PAKISTAN'S REAL ESTATE SECTOR HIT BY GLOBAL RECESSION
May 11 - 17, 2009
The real estate sector in the country has been affected by multiple reasons including high inflation, decrease in remittances by overseas Pakistanis, negative effects to the country's economy and poor return on real estate business.
The local real estate market was also hit by the global recession, which shows no sign of easing and in fact has further threatened the world economy.
According to real estate agents, owing to the increasing demand of small house units of 3-5 Marla, there exists tremendous investment opportunities in the real estate and housing sector in the urban areas of Lahore.
Experts believe that demand of houses would significantly increase within next few years. Housing backlog stood at 4.30 million in 1998 which, according to current projections, stands at 8.8 million. About 350,000 housing units were established in 2006 with an investment of Rs 150 billion plus cost of land for the construction.
The Federal and Punjab governments have also planned construction of small housing units that will give boom to the construction industry. It may be mentioned that domestic cement demand in 2006-07 was 21,034,278 tons. Per capita cement consumption was 137 kg while immense potential was available for cement export to earn huge foreign reserve for the country.
An expert in the housing and construction industry told PAGE that the whole world, especially the west and UAE, was badly affected after the real estate sector collapsed.
They said every fourth house in the west was at default mainly because banks had failed to secure loans and customers had failed to pay debts. "However in Pakistan, loans are granted only for house purchase or renovation of houses and then again they are secured and guaranteed," they added.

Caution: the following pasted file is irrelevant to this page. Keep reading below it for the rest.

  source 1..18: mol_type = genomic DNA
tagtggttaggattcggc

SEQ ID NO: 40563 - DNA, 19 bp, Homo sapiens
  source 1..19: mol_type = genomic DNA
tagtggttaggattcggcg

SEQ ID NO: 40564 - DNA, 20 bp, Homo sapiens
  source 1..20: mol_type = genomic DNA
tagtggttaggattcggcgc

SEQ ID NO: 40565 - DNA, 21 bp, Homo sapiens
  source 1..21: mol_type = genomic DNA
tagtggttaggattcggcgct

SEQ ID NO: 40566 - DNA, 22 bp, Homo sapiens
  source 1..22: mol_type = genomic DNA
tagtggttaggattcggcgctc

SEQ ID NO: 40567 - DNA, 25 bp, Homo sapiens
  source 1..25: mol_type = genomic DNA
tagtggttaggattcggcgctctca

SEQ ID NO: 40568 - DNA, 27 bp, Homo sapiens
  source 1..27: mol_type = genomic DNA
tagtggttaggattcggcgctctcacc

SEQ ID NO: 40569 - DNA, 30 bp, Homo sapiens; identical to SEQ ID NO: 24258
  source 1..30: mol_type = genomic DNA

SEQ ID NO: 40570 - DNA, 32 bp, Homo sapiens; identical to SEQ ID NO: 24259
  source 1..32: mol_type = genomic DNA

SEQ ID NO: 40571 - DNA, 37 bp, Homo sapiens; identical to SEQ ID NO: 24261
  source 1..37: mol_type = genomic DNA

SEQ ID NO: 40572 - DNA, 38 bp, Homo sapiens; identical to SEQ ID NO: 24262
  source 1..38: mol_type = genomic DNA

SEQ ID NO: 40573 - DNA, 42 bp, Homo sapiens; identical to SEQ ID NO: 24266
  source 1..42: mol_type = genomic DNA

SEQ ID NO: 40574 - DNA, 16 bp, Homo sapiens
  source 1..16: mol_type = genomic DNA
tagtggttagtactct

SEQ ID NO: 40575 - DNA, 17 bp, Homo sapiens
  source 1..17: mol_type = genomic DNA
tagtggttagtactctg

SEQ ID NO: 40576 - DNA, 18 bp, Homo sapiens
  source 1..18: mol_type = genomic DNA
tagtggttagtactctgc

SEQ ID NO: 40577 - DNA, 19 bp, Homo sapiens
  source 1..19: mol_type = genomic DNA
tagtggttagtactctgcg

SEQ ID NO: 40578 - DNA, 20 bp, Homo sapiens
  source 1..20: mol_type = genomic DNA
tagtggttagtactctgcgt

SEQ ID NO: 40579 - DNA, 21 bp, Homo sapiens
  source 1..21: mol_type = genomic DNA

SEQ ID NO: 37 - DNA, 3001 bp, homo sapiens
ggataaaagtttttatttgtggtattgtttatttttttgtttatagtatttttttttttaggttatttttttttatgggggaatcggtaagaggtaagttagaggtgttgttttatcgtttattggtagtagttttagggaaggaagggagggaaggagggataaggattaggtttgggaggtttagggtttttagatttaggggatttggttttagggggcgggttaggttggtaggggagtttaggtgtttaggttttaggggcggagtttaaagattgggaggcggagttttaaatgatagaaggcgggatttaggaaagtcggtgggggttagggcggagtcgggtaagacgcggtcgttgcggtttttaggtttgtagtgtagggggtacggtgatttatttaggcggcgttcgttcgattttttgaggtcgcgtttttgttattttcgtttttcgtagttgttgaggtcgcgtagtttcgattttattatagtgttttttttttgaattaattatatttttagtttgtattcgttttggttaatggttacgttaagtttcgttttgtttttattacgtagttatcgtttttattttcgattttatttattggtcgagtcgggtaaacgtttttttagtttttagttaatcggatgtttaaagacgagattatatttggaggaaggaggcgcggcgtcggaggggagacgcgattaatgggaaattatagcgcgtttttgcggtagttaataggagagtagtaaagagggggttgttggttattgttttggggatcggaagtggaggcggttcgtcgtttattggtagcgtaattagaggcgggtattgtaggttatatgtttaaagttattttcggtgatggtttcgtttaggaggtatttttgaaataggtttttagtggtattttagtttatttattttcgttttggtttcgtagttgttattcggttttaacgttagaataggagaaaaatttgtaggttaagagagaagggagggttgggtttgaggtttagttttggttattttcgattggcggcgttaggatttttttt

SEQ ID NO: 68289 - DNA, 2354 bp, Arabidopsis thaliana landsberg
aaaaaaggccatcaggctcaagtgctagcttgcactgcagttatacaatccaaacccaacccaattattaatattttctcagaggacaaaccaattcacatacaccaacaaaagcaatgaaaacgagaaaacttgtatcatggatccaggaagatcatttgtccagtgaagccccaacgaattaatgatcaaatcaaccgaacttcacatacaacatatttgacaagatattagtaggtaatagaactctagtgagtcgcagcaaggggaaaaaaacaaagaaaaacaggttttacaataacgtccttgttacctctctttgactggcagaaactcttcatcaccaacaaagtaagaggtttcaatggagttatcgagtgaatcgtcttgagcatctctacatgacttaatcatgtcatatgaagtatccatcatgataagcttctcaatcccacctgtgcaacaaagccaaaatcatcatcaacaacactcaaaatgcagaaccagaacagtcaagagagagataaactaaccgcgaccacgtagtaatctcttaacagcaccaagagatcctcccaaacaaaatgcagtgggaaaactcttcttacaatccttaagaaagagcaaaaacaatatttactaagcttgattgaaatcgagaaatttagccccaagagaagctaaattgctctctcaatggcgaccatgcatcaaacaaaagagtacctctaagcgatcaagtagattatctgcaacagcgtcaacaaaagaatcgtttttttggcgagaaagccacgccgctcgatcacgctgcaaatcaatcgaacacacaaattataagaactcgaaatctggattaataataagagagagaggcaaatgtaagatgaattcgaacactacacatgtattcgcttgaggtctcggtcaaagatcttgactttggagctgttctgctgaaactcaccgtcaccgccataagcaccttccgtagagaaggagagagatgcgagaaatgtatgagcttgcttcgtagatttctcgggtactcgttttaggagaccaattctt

"The House Building Finance Corporation (HBFC) grants loans only to buy property in a project that has already been made. Where will a borrower go if the house is already standing and it can be auctioned off in case a customer turns into a defaulter?" they added.
The real estate meltdown had taken place in the west and the UAE, as projects were being made purely on investment basis due to which there had been more of supply than demand. "In Pakistan, we already have a backlog of 8.8 million houses at the lower and middle income level, so if housing projects are introduced here, then usually there is a tremendous response to them too, they said.
They said: "Despite the fact that we bristle with the highest interest rates and lending rates, the shortage of houses always create a healthy demand in the market."
According to them, the government could aid to uplift the real estate sector but appeared to remain uninterested. The real estate sector in the country has been affected, as developed residential areas have witnessed a minor decline of up to 10 per cent whereas the developing areas have been affected by 15-20 per cent.
They explained that the recession led to prices remaining either stagnant or reducing as demand for properties also dipped. They also said that many overseas Pakistanis had been affected by the recession and they had also not invested into the country in the real estate sector.
The decline in inflow of capital from abroad also led to their taking out less money for property purchasing, thereby adversely influencing property prices, they added.
As the global economic environment continues to deteriorate, access to international capital markets looks to become even more difficult, and risks to both exports and remittances have increased. The changing economic environment thus has serious medium-term implications, particularly for growth prospects, given the country's diminished ability to finance even moderate fiscal and external account deficits, they added.